“To comply by Earth’s laws, we must first know them, and this requires us to revive our connection with Nature and our ecoliteracy, re-learning Nature’s laws after generations of alienation. … Continue reading Ecoliteracy helps us understand Earth’s Laws
The ecological crises are deeply related to how we do not read the monocultures, the ecological deserts, that surround us in modern societies, as life limiting. Instead, can we reimagine … Continue reading May we all begin to see again, May we all walk in real beauty
Perhaps we can never arrive at rewilded, because pure wilderness is an unhelpful myth. — Read on rewildingnews.com/what-is-rewilding-extended-version Current and historical ideas of ‘wilderness, ‘rewinding’ and ‘wilding’ show divergent conversations … Continue reading ”What is Rewilding? (extended version) – Rewilding News”
Art and sustainability programmes originating in England (Julie’s Bicycle) in the last decade, and also evolving rapidly in Scotland (Creative Carbon Scotland) have proven increased public engagment with eco-social concerns and also provided significant energy costs for their respective art sectors. Ireland has no developed policy in this area (Fitzgerald, 2017) but it is certain that we mustn’t ignore culture as part of national response to the unfolding ecological emergencies.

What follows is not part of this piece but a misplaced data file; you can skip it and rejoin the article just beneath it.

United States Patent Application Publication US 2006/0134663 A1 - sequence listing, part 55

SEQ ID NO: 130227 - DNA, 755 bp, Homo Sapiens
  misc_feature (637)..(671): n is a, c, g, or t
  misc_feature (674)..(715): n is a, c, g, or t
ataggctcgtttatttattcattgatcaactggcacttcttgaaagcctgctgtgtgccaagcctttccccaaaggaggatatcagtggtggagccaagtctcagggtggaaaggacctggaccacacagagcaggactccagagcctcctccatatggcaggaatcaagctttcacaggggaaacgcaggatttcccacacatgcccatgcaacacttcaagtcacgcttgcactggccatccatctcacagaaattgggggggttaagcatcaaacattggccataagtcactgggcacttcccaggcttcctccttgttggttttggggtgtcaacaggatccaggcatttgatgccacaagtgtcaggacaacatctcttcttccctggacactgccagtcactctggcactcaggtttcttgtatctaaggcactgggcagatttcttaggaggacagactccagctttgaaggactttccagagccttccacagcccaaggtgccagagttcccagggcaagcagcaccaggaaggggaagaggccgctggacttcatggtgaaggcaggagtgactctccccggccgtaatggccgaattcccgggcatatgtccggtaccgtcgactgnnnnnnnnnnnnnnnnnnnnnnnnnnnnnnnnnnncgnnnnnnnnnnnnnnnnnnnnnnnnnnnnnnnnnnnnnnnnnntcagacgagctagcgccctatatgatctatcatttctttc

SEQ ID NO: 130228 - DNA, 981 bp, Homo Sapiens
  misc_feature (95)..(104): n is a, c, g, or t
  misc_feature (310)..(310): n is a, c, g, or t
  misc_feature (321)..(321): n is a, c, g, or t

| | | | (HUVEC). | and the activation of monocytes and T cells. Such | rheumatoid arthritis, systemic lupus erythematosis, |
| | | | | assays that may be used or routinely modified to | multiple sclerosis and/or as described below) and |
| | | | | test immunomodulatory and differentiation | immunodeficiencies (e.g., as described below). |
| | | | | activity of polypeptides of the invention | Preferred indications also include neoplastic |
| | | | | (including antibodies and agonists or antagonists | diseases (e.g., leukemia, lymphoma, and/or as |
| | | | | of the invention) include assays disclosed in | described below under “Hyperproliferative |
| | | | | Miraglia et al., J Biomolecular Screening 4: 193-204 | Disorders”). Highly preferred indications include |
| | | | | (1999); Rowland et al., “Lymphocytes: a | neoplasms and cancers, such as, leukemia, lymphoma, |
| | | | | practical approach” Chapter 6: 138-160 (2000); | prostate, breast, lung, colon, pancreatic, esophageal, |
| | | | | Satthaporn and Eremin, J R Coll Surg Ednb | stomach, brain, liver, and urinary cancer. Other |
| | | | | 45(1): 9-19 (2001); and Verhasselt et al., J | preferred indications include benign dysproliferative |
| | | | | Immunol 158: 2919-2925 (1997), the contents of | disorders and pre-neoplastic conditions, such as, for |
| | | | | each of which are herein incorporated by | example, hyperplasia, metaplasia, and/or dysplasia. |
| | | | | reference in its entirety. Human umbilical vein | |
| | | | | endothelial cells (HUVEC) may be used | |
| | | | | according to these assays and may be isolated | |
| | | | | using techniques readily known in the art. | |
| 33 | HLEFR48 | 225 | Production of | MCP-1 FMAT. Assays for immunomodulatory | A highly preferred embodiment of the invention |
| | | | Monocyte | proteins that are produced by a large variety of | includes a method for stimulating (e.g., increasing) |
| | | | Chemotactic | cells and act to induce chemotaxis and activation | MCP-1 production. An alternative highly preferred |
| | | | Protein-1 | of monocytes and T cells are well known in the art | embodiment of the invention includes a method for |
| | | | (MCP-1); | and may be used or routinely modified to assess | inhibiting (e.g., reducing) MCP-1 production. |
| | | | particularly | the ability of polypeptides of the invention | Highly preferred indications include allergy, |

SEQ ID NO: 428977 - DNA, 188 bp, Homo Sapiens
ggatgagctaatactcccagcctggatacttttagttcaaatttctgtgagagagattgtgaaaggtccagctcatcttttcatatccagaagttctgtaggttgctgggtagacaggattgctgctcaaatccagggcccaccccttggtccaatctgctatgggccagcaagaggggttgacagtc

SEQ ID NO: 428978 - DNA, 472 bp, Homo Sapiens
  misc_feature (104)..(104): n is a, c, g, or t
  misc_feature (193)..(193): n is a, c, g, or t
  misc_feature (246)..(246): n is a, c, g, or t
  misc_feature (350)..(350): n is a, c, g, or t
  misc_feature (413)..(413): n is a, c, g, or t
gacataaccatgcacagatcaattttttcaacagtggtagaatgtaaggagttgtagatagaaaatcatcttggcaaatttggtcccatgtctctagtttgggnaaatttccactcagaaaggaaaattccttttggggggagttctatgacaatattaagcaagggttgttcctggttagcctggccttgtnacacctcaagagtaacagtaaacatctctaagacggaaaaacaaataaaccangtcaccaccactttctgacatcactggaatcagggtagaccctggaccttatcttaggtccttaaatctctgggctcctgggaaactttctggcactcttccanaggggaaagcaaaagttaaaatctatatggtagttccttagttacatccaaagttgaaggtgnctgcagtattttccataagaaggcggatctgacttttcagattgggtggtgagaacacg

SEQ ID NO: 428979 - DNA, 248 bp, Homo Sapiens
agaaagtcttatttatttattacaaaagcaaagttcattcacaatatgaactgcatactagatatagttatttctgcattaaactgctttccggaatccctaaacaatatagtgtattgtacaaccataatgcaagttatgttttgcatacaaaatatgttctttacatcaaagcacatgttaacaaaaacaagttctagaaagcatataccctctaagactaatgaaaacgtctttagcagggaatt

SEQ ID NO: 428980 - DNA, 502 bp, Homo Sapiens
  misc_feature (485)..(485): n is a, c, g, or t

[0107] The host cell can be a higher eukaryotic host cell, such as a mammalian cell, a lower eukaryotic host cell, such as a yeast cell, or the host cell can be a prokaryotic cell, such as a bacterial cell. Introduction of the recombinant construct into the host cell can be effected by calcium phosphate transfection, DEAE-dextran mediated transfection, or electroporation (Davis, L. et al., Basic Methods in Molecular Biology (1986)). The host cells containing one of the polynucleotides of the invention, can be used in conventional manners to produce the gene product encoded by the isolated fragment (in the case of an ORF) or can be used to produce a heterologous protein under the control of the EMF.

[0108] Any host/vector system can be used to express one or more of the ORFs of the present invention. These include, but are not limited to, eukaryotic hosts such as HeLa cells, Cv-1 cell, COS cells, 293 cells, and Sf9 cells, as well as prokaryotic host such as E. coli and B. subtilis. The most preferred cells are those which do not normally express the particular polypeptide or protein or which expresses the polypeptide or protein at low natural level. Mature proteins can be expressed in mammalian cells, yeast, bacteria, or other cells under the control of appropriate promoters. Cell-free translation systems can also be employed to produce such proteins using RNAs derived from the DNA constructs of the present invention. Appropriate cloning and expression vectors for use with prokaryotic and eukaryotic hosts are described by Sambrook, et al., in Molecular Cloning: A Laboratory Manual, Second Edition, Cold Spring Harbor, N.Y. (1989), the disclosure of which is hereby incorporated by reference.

In 2000, I was invited to count and photograph seabirds who breed on unpeopled atolls in the South Pacific, in the Cook Islands, that are now threatened by rising seas. Reflecting on that journey I’ve since wanted to share how creative practices work have social power to translate environmental knowledge relevant to our communities and diverse places. Sharing Haumea ecoliteracy is my contribution for the cultural shift that welcomes a necessary life-sustaining ecological era. The Journey with Haumea begins.